Cleanup, extra CUDA info

parent 9d050021
Pipeline #19845248 passed with stage
in 2 minutes and 22 seconds
......@@ -22,6 +22,11 @@ Folders can be nested with `/`. You can control how files show up in each folder
source_group("Source Files" REGULAR_EXPRESSION ".*\\.c[ucp]p?")
```
Take a look at [this blog post][sorting] for tips on ways to automatically sort folders to match your source code layout.
## Running with an IDE
To use an IDE, either pass `-G"name of IDE" if CMake can produce that IDE's files (like Xcode, Visual Studio), or open the CMakeLists.txt file from your IDE if that IDE has built in support for CMake (CLion, QtCreator, many others).
[sorting]: http://blog.audio-tk.com/2015/09/01/sorting-source-files-and-projects-in-folders-with-cmake-and-visual-studioxcode/
# CUDA (in progress)
CUDA support is available in two flavors. The new method, introduced in CMake 3.8 (3.9 for Windows), will be what I focus on first. The old method will be covered afterwards, but as you'll see, it's uglier and harder to get right. I'd stick to requiring CMake 3.8 or 3.9 for CUDA.
CUDA support is available in two flavors. The new method, introduced in CMake 3.8 (3.9 for Windows), will be what I focus on first. The old method will be covered afterwards, but as you'll see, it's uglier and harder to get right. I'd stick to requiring CMake 3.8 or 3.9 for CUDA (and CMake 3.11 for IDEs like Xcode and Visual Studio).
A good resource for CUDA and Modern CMake is [this talk](http://on-demand.gputechconf.com/gtc/2017/presentation/S7438-robert-maynard-build-systems-combining-cuda-and-machine-learning.pdf) by CMake developer Robert Maynard at GTC 2017.
......@@ -23,6 +23,15 @@ You'll probably want `CXX` listed here also. And, if CUDA is optional, you'll wa
enable_language(CUDA)
```
To check to see if CUDA is available, use CheckLanuage:
```cmake
include(CheckLanguage)
check_language(CUDA)
```
You can check the version of the NVCC toolkit with `CMAKE_CUDA_COMPILER_VERSION` (for now, only NVCC is supported, but just to be sure, check `CMAKE_CUDA_COMPILER_ID STREQUAL "NVIDIA"`).
### Variables for CUDA
Many variables with `CXX` in the name have a CUDA version with `CUDA` instead. For example, to set the C++ standard required for CUDA,
......@@ -46,17 +55,17 @@ set_target_properties(mylib PROPERTIES
CUDA_SEPERABLE_COMPILATION ON)
```
You can also direcly make a PTX file with the `CUDA_PTX_COMPILATION` property.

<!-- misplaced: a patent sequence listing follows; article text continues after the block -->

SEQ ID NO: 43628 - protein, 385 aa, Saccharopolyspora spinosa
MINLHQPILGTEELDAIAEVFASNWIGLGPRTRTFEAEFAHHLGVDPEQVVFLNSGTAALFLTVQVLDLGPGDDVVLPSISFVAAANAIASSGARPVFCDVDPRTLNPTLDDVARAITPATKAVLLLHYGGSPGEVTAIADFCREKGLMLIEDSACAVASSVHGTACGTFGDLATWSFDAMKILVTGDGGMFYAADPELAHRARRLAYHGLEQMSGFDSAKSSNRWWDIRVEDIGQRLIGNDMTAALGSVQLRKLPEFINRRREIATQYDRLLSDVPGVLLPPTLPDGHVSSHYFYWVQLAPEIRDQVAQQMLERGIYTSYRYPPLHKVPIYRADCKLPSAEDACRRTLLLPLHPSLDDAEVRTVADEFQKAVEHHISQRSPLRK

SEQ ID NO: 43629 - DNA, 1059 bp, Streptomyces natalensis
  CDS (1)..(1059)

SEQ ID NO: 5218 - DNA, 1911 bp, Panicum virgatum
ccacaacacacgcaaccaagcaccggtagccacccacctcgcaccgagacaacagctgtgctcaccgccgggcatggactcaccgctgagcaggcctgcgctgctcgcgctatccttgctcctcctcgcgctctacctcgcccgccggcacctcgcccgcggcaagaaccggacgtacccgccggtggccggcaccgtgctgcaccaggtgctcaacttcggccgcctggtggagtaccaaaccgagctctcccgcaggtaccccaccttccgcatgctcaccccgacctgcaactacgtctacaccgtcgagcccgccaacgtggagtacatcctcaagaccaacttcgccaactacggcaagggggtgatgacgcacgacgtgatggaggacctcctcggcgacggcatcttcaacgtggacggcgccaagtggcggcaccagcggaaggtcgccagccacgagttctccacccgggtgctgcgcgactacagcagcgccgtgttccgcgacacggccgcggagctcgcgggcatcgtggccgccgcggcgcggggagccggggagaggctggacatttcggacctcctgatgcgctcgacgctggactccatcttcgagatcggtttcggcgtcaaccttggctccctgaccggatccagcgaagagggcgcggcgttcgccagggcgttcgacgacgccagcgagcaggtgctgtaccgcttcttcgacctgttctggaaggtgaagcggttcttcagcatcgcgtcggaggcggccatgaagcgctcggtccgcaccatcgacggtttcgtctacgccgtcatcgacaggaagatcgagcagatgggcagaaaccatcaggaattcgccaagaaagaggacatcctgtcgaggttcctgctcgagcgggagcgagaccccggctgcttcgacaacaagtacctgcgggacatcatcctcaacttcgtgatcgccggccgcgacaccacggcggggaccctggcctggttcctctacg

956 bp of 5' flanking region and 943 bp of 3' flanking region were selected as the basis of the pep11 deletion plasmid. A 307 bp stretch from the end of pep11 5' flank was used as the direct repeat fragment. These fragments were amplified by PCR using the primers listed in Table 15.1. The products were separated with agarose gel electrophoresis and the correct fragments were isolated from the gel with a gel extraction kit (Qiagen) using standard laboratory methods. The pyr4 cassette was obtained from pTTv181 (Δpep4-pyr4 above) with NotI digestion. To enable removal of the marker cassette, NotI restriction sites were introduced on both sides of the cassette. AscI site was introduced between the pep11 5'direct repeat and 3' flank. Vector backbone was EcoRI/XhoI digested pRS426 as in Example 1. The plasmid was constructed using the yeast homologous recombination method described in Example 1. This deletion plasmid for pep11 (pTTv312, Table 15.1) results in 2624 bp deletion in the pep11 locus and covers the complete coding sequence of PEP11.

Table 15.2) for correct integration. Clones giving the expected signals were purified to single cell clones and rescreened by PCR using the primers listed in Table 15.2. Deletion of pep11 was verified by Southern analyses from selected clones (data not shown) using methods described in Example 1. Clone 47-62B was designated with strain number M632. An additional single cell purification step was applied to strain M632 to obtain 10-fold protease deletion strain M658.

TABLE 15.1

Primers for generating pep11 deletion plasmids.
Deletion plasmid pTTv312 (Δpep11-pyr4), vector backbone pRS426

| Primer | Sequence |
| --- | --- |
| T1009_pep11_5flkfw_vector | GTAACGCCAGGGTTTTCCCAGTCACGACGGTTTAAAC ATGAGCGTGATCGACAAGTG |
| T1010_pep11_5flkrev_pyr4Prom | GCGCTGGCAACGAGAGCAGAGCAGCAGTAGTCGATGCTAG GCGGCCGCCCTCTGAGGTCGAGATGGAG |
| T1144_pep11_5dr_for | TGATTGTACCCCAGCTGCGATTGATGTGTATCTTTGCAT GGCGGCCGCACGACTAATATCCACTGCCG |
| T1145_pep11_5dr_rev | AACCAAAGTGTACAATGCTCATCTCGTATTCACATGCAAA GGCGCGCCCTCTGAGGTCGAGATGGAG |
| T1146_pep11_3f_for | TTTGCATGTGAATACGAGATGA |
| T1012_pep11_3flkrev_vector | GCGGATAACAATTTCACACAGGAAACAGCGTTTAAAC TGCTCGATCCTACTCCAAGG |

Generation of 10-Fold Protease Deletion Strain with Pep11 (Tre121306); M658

You can also direclty make a PTX file with the `CUDA_PTX_COMPILATION` property.
### Working with targets
Using targets should work similarly to CXX, but there's a problem. If you include a target that includes compiler options (flags), most of the time, the options will not be protected by the correct includes (and the chances of them having the correct CUDA wrapper is even smaller). Here's what a correct compiler options line should look like:
```cmake
"$<$<BUILD_INTERFACE:$<COMPILE_LANGUAGE:CXX>>:-fopenmp>$<$<BUILD_INTERFACE:$<COMPILE_LANGUAGE:CUDA>>:-Xcompiler=-fopenmp>"
```
However, if you using almost any find_package, and using the Modern CMake methods of targets and inheritence, everything will break. I've learned that the hard way.
However, if you using almost any find_package, and using the Modern CMake methods of targets and inheritance, everything will break. I've learned that the hard way.
For now, here's a pretty reasonable solution, _as long as you know the un-aliased target name_. It's a function that will fix a C++ only target by wrapping the flags if using a CUDA compiler:
......@@ -72,11 +81,38 @@ function(CUDA_CONVERT_FLAGS EXISTING_TARGET)
endfunction()
```
### Useful variables
* `CMAKE_CUDA_TOOLKIT_INCLUDE_DIRECTORIES`: Place for built-in Thrust, etc
* `CMAKE_CUDA_COMPILER`: NVCC with location
> ### Note that FindCUDA is deprecated, but for now, the following functions require FindCUDA:
>
> * CUDA version checks / picking a version
> * Architecture detection
> * Architecture detection (Note: 3.12 will fix this at least partially)
> * Linking to CUDA libraries from non-.cu files
## Method 2: FindCUDA
If you want to support an older version of CMake, I recommend at least including the FindCUDA from CMake version 3.9 in your cmake folder (see the CLIUtils github organization for a [git repository](https://github.com/CLIUtils/cuda_support)). You'll want two features that were added: `CUDA_LINK_LIBRARIES_KEYWORD` and `cuda_select_nvcc_arch_flags`, along with the newer architectures and CUDA versions.
To use the old CUDA support, you use `find_package`:
```cmake
find_package(CUDA 7.0 REQUIRED)
message(STATUS "Found CUDA ${CUDA_VERSION_STRING} at ${CUDA_TOOLKIT_ROOT_DIR}")
```
You can control the CUDA flags with `CUDA_NVCC_FLAGS` (list append) and you can control separable compilation with `CUDA_SEPARABLE_COMPILATION`. You'll also want to make sure CUDA plays nice and adds keywords to the targets (CMake 3.9+):
```cmake
set(CUDA_LINK_LIBRARIES_KEYWORD PUBLIC)
```
You'll also might want to allow a user to check for the arch flags of their current hardware:
```cmake
cuda_select_nvcc_arch_flags(ARCH_FLAGS) # optional argument for arch to add
```
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